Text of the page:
Brother Basualto, the other counselor in the bishopric, and his wife were traveling with us. They would sit with our children in the meetinghouse.

As we drove, Sister Basualto recounted a dream she had had the night before. “My husband and I were in the meetinghouse with your children, waiting for the session to start,” she told us. “Suddenly, one of the ushers came up and said, ‘Follow me. There are four extra seats in the temple.’ He took us into the temple and seated us right in front. It felt so real! When it was over, the General Authorities shook hands with the people. One of them spoke to your children.” As we listened to her, a peaceful feeling came over us. The rain continued to pour down.

We arrived at the temple, which stood stately and majestic in the storm. Shielding ourselves under a huge umbrella, we left our children and the Basualtos at the meetinghouse and hurried to our seats in the temple. The dedication was an extraordinary experience, with the Spirit gloriously in attendance. Even thinking about it today, I have a sweet and peaceful feeling. After the session was over, the members of the choir continued to sing with all their hearts in hymns of praise to the Lord.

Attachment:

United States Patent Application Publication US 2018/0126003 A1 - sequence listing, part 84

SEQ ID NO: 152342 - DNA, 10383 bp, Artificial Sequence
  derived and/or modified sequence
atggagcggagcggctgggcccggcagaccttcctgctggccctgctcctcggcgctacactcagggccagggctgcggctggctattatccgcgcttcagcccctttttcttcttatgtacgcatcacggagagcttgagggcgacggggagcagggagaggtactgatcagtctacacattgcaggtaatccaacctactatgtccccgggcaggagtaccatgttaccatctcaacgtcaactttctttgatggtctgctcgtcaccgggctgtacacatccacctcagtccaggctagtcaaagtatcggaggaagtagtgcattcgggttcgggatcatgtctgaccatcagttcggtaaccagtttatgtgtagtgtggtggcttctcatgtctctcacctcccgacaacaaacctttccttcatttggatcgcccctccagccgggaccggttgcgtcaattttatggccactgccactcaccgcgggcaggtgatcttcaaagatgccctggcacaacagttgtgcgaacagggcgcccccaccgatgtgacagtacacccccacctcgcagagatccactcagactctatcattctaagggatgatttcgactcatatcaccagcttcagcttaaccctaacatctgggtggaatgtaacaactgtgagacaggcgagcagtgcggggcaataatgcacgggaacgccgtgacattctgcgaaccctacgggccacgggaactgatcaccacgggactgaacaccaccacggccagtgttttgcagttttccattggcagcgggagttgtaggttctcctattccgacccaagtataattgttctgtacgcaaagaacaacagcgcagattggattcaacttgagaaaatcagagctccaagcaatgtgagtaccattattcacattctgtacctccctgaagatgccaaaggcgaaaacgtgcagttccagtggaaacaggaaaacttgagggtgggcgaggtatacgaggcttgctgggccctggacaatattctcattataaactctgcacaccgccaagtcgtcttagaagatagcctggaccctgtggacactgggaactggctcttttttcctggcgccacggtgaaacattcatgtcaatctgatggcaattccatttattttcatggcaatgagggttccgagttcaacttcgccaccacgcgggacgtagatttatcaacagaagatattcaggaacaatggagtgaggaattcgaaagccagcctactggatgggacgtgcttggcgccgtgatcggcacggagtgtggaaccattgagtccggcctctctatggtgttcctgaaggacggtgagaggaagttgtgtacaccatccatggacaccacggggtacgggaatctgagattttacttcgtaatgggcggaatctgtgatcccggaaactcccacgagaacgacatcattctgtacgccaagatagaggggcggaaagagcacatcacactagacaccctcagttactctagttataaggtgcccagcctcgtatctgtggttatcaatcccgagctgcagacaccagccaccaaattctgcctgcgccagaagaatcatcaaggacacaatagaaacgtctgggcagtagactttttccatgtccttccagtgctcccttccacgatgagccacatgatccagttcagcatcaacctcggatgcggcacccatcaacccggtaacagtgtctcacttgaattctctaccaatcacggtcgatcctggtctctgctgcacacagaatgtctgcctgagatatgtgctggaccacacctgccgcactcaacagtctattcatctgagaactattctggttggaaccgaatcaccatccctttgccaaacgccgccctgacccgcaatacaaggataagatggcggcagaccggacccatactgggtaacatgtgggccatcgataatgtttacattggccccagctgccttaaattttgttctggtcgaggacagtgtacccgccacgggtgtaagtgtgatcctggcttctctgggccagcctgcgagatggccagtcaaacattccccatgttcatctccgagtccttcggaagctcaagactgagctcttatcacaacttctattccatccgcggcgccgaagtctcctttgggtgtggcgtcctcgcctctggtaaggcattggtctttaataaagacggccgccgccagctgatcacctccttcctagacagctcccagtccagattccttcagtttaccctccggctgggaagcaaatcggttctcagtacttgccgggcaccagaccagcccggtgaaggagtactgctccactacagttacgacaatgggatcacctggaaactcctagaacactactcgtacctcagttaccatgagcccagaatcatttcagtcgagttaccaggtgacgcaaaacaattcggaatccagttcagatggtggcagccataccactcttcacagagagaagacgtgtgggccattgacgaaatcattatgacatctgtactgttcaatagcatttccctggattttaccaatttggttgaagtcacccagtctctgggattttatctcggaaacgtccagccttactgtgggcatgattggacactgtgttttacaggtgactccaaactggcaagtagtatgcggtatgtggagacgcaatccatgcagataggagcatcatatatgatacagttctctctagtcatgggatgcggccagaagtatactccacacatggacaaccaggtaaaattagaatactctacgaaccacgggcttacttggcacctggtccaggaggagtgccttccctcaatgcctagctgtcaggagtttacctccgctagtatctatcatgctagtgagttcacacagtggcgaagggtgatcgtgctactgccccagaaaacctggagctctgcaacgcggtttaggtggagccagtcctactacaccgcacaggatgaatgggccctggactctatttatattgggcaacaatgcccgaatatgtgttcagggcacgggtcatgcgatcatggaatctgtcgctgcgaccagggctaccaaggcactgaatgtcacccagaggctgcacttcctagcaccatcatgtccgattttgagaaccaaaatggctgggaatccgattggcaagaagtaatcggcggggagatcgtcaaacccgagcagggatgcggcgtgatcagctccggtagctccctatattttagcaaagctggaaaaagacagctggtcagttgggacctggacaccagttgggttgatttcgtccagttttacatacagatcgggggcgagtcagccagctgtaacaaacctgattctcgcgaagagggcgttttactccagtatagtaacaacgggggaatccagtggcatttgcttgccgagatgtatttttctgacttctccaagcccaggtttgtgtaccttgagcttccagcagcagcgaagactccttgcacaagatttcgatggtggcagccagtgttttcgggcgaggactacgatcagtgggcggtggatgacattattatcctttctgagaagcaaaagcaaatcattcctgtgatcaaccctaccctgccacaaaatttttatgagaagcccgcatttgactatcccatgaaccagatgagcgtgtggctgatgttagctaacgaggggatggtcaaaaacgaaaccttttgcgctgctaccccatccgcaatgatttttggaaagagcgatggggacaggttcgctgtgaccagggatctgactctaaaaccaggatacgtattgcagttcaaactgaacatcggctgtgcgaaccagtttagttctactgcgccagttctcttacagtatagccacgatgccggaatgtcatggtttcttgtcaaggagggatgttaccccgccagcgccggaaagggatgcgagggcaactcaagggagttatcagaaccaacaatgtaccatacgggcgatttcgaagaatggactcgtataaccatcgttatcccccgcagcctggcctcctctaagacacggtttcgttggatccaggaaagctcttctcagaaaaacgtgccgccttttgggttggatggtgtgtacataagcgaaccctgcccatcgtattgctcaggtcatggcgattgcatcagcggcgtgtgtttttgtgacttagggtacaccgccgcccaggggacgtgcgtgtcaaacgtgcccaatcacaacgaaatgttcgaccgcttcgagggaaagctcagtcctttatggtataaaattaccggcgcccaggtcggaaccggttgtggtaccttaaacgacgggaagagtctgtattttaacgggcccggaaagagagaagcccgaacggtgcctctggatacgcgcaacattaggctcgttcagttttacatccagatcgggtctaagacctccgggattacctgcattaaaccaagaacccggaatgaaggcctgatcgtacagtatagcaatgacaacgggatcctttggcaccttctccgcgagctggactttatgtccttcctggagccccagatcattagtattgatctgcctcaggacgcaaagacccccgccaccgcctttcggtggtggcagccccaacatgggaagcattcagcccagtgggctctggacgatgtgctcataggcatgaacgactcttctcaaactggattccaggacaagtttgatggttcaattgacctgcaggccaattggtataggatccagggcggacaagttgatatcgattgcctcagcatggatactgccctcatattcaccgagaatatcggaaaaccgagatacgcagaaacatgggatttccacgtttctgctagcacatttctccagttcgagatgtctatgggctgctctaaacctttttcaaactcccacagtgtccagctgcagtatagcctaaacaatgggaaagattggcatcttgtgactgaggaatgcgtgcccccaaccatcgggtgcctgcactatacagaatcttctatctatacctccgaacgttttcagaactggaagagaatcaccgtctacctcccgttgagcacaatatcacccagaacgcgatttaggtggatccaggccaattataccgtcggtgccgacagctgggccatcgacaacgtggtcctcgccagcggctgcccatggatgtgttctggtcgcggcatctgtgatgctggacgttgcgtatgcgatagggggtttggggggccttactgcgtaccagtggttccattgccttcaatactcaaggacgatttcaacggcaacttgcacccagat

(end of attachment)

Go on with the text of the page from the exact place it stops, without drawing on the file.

My husband and I left the temple and went to the meetinghouse to join our children and friends. They were nowhere to be found. Concerned, we inquired if anyone had seen them. We were told, “Just before the session began, someone took them into the temple.” We looked back toward the temple and saw the four of them walking in the gardens.